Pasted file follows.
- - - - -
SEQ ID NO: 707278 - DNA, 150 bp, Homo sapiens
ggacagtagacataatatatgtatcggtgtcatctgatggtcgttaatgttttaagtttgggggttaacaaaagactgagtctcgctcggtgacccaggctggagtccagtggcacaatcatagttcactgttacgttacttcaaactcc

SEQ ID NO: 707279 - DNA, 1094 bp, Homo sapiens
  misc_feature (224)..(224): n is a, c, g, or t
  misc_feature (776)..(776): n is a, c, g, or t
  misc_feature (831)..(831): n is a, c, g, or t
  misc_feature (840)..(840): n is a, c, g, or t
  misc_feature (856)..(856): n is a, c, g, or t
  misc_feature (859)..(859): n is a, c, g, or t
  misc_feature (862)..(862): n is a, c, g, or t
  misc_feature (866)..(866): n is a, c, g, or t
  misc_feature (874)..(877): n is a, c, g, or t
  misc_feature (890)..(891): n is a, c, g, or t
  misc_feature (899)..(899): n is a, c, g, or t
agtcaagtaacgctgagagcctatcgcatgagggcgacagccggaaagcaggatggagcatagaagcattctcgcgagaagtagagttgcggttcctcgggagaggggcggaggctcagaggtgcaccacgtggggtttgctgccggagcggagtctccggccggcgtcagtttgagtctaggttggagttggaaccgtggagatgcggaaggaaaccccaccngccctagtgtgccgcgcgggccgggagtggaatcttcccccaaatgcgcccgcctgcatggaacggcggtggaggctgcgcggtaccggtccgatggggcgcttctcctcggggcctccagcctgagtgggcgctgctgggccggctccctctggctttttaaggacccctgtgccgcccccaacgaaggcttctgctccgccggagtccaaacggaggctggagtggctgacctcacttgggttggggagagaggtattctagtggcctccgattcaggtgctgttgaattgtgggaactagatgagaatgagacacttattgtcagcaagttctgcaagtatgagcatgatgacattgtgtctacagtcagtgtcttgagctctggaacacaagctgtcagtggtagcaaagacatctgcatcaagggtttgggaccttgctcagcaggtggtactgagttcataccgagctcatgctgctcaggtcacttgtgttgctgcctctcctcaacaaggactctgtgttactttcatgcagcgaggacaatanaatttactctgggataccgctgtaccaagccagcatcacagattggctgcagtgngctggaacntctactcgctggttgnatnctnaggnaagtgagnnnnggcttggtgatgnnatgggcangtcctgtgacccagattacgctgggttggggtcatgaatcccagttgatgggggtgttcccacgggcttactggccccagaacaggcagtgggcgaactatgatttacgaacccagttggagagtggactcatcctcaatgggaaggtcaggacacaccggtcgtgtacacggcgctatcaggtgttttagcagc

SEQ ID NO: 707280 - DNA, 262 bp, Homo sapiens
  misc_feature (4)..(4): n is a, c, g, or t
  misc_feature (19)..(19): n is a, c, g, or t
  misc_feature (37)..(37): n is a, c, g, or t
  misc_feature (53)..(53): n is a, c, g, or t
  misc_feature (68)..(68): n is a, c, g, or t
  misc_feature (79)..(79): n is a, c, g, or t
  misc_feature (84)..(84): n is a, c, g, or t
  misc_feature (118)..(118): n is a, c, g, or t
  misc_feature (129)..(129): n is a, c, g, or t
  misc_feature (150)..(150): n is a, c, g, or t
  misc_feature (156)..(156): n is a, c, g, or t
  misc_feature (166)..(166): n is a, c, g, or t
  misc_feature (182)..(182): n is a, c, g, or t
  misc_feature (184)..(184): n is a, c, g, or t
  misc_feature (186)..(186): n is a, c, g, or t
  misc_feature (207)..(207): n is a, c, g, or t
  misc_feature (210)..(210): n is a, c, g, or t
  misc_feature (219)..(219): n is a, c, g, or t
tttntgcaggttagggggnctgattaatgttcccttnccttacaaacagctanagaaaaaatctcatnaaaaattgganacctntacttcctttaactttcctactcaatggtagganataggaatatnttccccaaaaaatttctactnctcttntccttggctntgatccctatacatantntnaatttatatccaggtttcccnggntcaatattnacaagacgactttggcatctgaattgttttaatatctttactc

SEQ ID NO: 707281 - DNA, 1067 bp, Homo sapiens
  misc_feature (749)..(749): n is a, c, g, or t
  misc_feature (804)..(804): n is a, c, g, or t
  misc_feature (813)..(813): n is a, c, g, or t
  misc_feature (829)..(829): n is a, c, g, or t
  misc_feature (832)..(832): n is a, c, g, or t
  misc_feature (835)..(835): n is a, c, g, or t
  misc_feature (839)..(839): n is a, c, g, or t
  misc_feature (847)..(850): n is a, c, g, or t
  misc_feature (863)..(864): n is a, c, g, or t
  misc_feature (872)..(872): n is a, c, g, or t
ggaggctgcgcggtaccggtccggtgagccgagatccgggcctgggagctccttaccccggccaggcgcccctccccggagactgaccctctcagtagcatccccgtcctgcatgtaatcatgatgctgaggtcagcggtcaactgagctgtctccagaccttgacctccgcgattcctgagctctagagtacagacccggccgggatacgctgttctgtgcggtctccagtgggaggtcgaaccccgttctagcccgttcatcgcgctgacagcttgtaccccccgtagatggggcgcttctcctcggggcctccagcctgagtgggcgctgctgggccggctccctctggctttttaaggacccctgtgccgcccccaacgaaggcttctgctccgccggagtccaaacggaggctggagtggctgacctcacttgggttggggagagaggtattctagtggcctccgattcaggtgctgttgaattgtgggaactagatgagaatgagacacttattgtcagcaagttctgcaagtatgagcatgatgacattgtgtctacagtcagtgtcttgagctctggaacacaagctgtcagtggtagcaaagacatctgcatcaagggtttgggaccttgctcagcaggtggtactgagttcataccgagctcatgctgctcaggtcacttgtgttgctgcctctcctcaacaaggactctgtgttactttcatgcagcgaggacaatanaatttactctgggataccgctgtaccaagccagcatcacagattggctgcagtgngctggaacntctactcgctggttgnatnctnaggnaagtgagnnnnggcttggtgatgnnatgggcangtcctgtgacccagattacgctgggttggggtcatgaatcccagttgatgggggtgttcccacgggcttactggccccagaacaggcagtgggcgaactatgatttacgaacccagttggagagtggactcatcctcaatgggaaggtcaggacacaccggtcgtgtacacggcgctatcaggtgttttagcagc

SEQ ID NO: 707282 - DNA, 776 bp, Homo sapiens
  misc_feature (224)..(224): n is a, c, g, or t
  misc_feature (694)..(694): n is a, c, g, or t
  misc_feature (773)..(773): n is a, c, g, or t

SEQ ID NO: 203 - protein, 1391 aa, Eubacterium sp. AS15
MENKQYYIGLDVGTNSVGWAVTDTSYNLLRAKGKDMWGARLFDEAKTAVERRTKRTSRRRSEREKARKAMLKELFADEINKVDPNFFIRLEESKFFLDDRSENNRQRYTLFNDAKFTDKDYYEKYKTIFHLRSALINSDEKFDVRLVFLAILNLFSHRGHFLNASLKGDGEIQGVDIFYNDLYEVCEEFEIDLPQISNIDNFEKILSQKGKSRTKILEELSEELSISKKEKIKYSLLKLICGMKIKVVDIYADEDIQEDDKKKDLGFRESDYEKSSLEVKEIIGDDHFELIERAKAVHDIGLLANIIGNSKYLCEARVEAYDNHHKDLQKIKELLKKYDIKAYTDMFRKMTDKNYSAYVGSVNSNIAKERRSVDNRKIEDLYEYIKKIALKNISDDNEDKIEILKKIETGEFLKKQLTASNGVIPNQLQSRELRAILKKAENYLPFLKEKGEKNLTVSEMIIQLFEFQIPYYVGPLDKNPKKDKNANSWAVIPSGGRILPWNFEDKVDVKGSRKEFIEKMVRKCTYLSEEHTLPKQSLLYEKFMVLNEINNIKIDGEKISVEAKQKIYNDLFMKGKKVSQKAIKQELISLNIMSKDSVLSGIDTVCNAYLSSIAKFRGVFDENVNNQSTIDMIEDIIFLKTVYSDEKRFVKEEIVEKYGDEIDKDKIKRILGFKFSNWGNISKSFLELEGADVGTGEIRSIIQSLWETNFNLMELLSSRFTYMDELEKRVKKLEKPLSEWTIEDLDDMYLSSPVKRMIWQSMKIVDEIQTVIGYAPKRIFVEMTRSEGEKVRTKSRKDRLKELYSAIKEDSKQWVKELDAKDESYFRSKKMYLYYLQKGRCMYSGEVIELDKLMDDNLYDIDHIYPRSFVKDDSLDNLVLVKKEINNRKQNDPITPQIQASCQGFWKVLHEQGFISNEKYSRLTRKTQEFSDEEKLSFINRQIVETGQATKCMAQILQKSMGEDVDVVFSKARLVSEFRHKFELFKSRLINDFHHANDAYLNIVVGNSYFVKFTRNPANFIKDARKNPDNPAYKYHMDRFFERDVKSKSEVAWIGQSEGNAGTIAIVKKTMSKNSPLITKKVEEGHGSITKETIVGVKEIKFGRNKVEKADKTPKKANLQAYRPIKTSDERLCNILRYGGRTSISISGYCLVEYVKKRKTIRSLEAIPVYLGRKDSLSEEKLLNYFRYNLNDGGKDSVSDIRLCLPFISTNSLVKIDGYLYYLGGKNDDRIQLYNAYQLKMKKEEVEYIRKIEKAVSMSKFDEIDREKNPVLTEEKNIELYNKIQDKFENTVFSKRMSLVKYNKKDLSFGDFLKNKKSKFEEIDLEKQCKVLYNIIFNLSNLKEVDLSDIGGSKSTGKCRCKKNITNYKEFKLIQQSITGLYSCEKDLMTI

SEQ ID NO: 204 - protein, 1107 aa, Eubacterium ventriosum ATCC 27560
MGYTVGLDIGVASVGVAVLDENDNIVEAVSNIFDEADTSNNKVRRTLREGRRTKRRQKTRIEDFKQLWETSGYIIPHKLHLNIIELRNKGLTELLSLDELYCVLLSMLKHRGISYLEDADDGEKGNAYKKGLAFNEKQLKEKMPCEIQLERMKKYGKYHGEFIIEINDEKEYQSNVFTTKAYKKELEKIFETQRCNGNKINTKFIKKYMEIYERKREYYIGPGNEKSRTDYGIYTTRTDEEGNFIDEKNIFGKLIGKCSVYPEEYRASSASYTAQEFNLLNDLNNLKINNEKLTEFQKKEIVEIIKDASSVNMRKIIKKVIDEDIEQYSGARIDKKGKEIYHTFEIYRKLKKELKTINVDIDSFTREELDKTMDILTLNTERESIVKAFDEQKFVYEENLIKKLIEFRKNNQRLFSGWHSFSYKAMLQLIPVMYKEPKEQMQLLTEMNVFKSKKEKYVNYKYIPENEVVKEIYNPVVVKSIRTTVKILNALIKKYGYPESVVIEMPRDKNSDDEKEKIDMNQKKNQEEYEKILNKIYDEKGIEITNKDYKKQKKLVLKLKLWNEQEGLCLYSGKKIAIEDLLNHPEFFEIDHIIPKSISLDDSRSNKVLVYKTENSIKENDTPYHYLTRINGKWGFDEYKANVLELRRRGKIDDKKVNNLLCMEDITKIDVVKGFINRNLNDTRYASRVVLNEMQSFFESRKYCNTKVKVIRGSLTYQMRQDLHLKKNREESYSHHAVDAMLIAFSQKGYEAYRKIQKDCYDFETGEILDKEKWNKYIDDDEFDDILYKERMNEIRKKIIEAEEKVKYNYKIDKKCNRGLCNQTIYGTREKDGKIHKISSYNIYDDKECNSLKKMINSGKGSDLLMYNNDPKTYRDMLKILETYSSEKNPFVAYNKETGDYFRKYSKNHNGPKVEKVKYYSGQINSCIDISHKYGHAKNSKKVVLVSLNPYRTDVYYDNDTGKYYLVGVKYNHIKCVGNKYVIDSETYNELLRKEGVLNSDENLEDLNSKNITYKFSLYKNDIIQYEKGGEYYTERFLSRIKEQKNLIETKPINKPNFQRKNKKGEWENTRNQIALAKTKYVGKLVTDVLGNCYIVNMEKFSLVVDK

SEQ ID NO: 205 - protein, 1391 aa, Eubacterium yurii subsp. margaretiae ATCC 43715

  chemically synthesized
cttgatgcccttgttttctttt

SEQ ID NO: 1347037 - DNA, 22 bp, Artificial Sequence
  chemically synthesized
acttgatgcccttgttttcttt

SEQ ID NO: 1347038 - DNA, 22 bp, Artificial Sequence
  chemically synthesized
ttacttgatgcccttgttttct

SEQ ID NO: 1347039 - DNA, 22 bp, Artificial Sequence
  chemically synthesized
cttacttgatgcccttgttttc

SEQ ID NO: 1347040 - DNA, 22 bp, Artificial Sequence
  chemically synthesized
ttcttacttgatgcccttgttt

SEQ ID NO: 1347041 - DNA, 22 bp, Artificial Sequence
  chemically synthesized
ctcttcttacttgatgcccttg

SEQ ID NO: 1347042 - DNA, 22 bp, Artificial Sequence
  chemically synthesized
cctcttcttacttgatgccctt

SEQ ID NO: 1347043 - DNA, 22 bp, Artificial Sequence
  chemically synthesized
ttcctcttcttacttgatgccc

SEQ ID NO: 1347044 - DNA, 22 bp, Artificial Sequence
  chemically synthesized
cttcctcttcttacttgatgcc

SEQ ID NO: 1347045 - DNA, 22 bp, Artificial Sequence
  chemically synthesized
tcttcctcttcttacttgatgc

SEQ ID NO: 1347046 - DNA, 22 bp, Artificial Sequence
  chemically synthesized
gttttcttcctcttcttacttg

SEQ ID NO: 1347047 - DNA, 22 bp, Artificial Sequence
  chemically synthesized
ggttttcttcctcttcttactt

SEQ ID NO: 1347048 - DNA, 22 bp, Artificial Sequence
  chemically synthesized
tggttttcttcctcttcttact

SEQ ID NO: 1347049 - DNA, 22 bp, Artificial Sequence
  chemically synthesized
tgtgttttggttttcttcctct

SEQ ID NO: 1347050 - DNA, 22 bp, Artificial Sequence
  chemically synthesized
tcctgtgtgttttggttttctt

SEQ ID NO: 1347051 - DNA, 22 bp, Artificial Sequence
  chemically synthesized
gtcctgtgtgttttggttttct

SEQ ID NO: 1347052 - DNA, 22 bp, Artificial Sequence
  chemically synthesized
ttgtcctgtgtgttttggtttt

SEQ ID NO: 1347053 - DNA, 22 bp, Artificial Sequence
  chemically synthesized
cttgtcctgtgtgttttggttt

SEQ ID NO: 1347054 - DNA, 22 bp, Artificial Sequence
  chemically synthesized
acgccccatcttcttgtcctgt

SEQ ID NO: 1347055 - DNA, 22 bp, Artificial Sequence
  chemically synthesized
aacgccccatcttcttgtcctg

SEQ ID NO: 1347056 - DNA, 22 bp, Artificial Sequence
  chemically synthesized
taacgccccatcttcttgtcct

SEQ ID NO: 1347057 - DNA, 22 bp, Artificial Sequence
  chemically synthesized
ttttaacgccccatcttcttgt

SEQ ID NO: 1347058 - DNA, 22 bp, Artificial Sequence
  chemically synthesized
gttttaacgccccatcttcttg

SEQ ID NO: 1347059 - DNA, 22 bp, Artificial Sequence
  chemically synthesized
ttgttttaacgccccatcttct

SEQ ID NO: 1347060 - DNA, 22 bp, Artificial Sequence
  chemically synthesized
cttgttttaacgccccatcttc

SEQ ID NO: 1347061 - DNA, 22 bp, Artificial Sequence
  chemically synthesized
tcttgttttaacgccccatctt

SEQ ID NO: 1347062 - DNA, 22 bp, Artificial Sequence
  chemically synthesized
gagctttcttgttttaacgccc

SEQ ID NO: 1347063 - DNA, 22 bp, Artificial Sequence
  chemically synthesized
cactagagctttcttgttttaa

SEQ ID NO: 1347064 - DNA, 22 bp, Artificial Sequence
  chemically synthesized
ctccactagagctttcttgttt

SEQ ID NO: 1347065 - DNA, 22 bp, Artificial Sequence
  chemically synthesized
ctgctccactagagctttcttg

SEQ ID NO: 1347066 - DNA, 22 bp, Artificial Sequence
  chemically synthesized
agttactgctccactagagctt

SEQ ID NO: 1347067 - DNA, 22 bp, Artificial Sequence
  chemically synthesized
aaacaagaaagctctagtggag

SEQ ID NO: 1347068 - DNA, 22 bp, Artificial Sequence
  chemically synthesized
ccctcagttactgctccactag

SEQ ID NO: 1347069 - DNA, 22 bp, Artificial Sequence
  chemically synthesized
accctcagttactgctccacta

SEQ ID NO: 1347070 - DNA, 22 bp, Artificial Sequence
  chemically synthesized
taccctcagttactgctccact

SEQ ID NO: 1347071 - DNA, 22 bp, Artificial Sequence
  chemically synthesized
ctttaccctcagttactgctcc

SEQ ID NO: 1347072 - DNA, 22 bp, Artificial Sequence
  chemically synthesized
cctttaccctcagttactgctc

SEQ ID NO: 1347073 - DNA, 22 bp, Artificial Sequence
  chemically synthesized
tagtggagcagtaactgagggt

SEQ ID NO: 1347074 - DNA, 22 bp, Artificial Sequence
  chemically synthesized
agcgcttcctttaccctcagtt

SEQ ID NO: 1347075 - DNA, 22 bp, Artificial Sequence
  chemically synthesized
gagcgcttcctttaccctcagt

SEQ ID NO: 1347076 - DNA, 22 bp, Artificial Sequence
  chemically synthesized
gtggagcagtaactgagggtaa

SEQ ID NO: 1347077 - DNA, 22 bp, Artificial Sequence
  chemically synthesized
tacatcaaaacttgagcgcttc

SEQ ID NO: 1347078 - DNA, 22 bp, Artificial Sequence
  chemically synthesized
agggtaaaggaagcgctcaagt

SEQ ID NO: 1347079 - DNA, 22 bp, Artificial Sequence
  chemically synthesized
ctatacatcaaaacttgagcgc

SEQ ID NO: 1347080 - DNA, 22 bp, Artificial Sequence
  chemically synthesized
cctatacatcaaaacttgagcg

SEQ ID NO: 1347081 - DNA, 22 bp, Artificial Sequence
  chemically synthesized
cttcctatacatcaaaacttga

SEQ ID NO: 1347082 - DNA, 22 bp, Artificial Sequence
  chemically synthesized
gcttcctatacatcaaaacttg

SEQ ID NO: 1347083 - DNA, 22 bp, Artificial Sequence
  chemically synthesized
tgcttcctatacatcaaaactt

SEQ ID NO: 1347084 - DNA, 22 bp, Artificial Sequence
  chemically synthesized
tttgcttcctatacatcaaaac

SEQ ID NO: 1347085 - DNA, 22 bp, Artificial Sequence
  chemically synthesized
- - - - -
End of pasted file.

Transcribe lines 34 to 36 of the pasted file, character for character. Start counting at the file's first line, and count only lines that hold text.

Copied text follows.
  misc_feature (219)..(219): n is a, c, g, or t
tttntgcaggttagggggnctgattaatgttcccttnccttacaaacagctanagaaaaaatctcatnaaaaattgganacctntacttcctttaactttcctactcaatggtagganataggaatatnttccccaaaaaatttctactnctcttntccttggctntgatccctatacatantntnaatttatatccaggtttcccnggntcaatattnacaagacgactttggcatctgaattgttttaatatctttactc

SEQ ID NO: 707281 - DNA, 1067 bp, Homo sapiens